The boy with the black glasses

I have to give a heartfelt shout out to the organizers of the Central PA Gluten Free Expo. Sunday’s event was phenomenal. They just keep getting better. I enjoyed talking with everyone who stopped by my table and am grateful to all who purchased a book, especially to the family who bought one, then returned moments later to buy another! To the mother who told me to “write something good” for her daughter since the book was a Christmas present and who then made her daughter read the inscription out loud (I hope it was good!)–thank you for encouraging me to participate again next year. I don’t think people know how much this type of encouragement matters. Really, it makes all the difference.

I learned so much and ate so much and talked so much that I nearly lost my voice. But the best moment came late in the day. I had noticed a boy, whose age I would guess to be in the pre-teen range, hovering in front of my table several times throughout the day. He wore thick black glasses, and the first time he passed by with his family, he stopped to stare at the poster of my book cover for some time before saying, “How can sled dogs get celiac disease?” I laughed and explained that it wasn’t them, it was me, and he smiled before moving on.

Every once in a while when I’d look up from the table or the conversation at hand, I’d see the boy, alone and just beyond comfortable chatting range, looking at the books and signs at my table. He didn’t engage in conversation, or even make eye contact. In my standard, frazzled expo mode, I didn’t think too deeply about it.

Toward the end of the day, I was standing with my dad in front of the Tito’s vodka stand, talking with an acquaintance, when a woman approached me with two children and said they had won my “Escape into a book” gift basket, which included a copy of Mush. She seemed quite excited and asked if I’d mind signing the book.

“Of COURSE!” was my enthusiastic reply.

As I reached for the book, I glanced to her left, and there was the boy with the thick black glasses, standing next to this woman (who I assume was his mother) and wearing the widest grin I’d seen all day.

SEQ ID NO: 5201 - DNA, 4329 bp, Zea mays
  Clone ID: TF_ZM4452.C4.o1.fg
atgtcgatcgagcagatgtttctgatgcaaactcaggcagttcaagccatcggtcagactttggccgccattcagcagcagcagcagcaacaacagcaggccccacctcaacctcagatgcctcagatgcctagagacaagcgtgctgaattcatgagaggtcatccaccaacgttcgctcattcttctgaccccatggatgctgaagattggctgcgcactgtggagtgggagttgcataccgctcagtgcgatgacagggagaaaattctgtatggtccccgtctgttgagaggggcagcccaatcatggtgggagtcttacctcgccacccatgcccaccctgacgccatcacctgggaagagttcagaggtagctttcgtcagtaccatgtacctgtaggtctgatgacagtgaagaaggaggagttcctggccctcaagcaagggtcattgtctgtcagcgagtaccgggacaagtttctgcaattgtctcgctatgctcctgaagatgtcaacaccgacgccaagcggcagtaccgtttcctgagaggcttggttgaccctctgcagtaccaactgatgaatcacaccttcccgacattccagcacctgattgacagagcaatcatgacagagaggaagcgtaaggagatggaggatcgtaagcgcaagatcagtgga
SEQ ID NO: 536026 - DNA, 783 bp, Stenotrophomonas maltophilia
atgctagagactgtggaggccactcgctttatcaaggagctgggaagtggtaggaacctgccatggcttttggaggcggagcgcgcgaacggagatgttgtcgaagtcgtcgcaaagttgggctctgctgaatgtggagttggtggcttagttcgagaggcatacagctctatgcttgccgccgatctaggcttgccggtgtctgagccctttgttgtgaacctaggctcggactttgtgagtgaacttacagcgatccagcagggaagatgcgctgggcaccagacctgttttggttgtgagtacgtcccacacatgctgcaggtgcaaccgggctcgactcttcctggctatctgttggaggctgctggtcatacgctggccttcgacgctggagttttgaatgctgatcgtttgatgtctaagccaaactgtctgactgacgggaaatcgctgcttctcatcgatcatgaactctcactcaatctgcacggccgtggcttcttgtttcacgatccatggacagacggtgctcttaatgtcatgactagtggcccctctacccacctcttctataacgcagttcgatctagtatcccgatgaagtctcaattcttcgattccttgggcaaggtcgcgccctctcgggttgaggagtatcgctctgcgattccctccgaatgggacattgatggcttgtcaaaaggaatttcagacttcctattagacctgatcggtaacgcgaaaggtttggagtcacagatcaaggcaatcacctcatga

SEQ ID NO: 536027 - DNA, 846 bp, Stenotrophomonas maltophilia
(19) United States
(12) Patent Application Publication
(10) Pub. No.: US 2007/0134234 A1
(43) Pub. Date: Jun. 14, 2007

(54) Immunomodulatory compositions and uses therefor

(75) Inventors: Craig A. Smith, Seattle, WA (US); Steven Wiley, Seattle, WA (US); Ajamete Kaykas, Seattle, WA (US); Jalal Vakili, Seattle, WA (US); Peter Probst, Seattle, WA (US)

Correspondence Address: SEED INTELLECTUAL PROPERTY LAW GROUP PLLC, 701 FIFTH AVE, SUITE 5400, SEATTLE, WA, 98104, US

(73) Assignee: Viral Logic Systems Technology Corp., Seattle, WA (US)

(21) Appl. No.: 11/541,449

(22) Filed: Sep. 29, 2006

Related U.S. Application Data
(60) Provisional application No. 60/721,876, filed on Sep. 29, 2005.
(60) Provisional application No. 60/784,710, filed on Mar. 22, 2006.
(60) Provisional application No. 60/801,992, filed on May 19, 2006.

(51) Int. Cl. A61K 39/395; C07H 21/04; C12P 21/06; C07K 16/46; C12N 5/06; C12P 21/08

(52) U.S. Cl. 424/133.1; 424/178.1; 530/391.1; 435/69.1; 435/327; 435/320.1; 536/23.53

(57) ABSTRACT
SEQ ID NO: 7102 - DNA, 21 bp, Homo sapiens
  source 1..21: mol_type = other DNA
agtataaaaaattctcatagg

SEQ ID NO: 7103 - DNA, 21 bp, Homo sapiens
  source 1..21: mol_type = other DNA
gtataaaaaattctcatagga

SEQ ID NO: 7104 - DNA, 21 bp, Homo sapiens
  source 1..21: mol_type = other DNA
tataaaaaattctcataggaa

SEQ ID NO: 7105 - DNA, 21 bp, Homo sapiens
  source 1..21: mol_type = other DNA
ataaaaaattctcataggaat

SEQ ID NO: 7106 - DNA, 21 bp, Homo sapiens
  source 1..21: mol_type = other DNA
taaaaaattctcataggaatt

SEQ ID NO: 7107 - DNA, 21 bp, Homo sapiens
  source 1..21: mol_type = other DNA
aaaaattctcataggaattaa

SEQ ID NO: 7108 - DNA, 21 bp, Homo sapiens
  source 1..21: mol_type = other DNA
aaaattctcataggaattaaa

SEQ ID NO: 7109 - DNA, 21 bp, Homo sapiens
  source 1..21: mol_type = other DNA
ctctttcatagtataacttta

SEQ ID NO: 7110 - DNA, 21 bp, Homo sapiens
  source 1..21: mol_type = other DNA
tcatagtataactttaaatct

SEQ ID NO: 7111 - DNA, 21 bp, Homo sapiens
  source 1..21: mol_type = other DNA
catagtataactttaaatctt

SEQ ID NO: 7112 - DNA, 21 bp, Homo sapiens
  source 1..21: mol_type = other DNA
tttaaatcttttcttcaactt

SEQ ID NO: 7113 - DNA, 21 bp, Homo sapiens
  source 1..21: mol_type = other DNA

“It’s you!” I exclaimed as we made eye contact for the first time, and he nodded with what appeared to be glee. Now my grin was as wide as his.

Had I not been in standard frazzled expo mode, I may have noticed much earlier that this boy was interested in my book but that he was too shy to express it. What I should have done, had I the wherewithal to notice, is handed him a copy long before.

Instead, after finding out that they had won, the family stopped by my vendor table to pick up their prize. My friend Kimberly, who was kind enough to help me at the table that day, did have the wherewithal required for the situation. She handed over the gift basket, along with one of my Sharpie pens, and promptly pointed the family in my direction across the cavernous room. So, I ended up inscribing that copy of Mush (there at the Tito’s vodka stand) to the boy who clearly wanted it, even though I had failed all day to recognize the cues.

Thankfully, the universe has a way of stepping in to connect the dots that need to be connected in situations such as this. As if the expo wasn’t fulfilling enough, that really made my day.

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